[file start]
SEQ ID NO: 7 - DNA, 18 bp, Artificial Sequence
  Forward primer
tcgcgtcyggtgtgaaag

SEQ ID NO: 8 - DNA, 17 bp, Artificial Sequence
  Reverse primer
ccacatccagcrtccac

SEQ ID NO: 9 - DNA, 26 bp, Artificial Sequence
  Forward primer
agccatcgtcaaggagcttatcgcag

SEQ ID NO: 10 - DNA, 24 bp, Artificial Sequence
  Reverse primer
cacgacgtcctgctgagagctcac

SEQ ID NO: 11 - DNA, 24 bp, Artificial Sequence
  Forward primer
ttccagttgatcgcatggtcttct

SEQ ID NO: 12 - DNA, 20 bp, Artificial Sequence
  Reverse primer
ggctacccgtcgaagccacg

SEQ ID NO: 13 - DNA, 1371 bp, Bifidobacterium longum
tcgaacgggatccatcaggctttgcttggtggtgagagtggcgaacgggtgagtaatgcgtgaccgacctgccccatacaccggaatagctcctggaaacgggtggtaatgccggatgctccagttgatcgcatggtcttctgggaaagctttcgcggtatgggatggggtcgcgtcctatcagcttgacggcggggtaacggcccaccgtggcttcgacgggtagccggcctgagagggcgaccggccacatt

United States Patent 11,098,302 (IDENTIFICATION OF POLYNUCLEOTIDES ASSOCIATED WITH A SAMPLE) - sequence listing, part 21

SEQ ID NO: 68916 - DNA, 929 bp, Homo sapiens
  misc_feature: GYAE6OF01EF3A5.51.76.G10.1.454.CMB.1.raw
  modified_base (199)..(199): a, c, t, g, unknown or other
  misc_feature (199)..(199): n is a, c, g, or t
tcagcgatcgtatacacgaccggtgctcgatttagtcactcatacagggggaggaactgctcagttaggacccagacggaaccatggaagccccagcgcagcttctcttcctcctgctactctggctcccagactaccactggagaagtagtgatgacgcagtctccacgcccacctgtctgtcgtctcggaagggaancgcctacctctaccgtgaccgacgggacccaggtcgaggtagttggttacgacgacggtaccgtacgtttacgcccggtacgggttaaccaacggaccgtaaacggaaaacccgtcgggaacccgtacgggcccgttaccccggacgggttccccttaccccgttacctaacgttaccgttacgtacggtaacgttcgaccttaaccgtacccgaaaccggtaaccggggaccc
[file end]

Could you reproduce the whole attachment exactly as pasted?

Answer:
SEQ ID NO: 7 - DNA, 18 bp, Artificial Sequence
  Forward primer
tcgcgtcyggtgtgaaag

SEQ ID NO: 8 - DNA, 17 bp, Artificial Sequence
  Reverse primer
ccacatccagcrtccac

SEQ ID NO: 9 - DNA, 26 bp, Artificial Sequence
  Forward primer
agccatcgtcaaggagcttatcgcag

SEQ ID NO: 10 - DNA, 24 bp, Artificial Sequence
  Reverse primer
cacgacgtcctgctgagagctcac

SEQ ID NO: 11 - DNA, 24 bp, Artificial Sequence
  Forward primer
ttccagttgatcgcatggtcttct

SEQ ID NO: 12 - DNA, 20 bp, Artificial Sequence
  Reverse primer
ggctacccgtcgaagccacg

SEQ ID NO: 13 - DNA, 1371 bp, Bifidobacterium longum
tcgaacgggatccatcaggctttgcttggtggtgagagtggcgaacgggtgagtaatgcgtgaccgacctgccccatacaccggaatagctcctggaaacgggtggtaatgccggatgctccagttgatcgcatggtcttctgggaaagctttcgcggtatgggatggggtcgcgtcctatcagcttgacggcggggtaacggcccaccgtggcttcgacgggtagccggcctgagagggcgaccggccacatt

United States Patent 11,098,302 (IDENTIFICATION OF POLYNUCLEOTIDES ASSOCIATED WITH A SAMPLE) - sequence listing, part 21

SEQ ID NO: 68916 - DNA, 929 bp, Homo sapiens
  misc_feature: GYAE6OF01EF3A5.51.76.G10.1.454.CMB.1.raw
  modified_base (199)..(199): a, c, t, g, unknown or other
  misc_feature (199)..(199): n is a, c, g, or t
tcagcgatcgtatacacgaccggtgctcgatttagtcactcatacagggggaggaactgctcagttaggacccagacggaaccatggaagccccagcgcagcttctcttcctcctgctactctggctcccagactaccactggagaagtagtgatgacgcagtctccacgcccacctgtctgtcgtctcggaagggaancgcctacctctaccgtgaccgacgggacccaggtcgaggtagttggttacgacgacggtaccgtacgtttacgcccggtacgggttaaccaacggaccgtaaacggaaaacccgtcgggaacccgtacgggcccgttaccccggacgggttccccttaccccgttacctaacgttaccgttacgtacggtaacgttcgaccttaaccgtacccgaaaccggtaaccggggaccc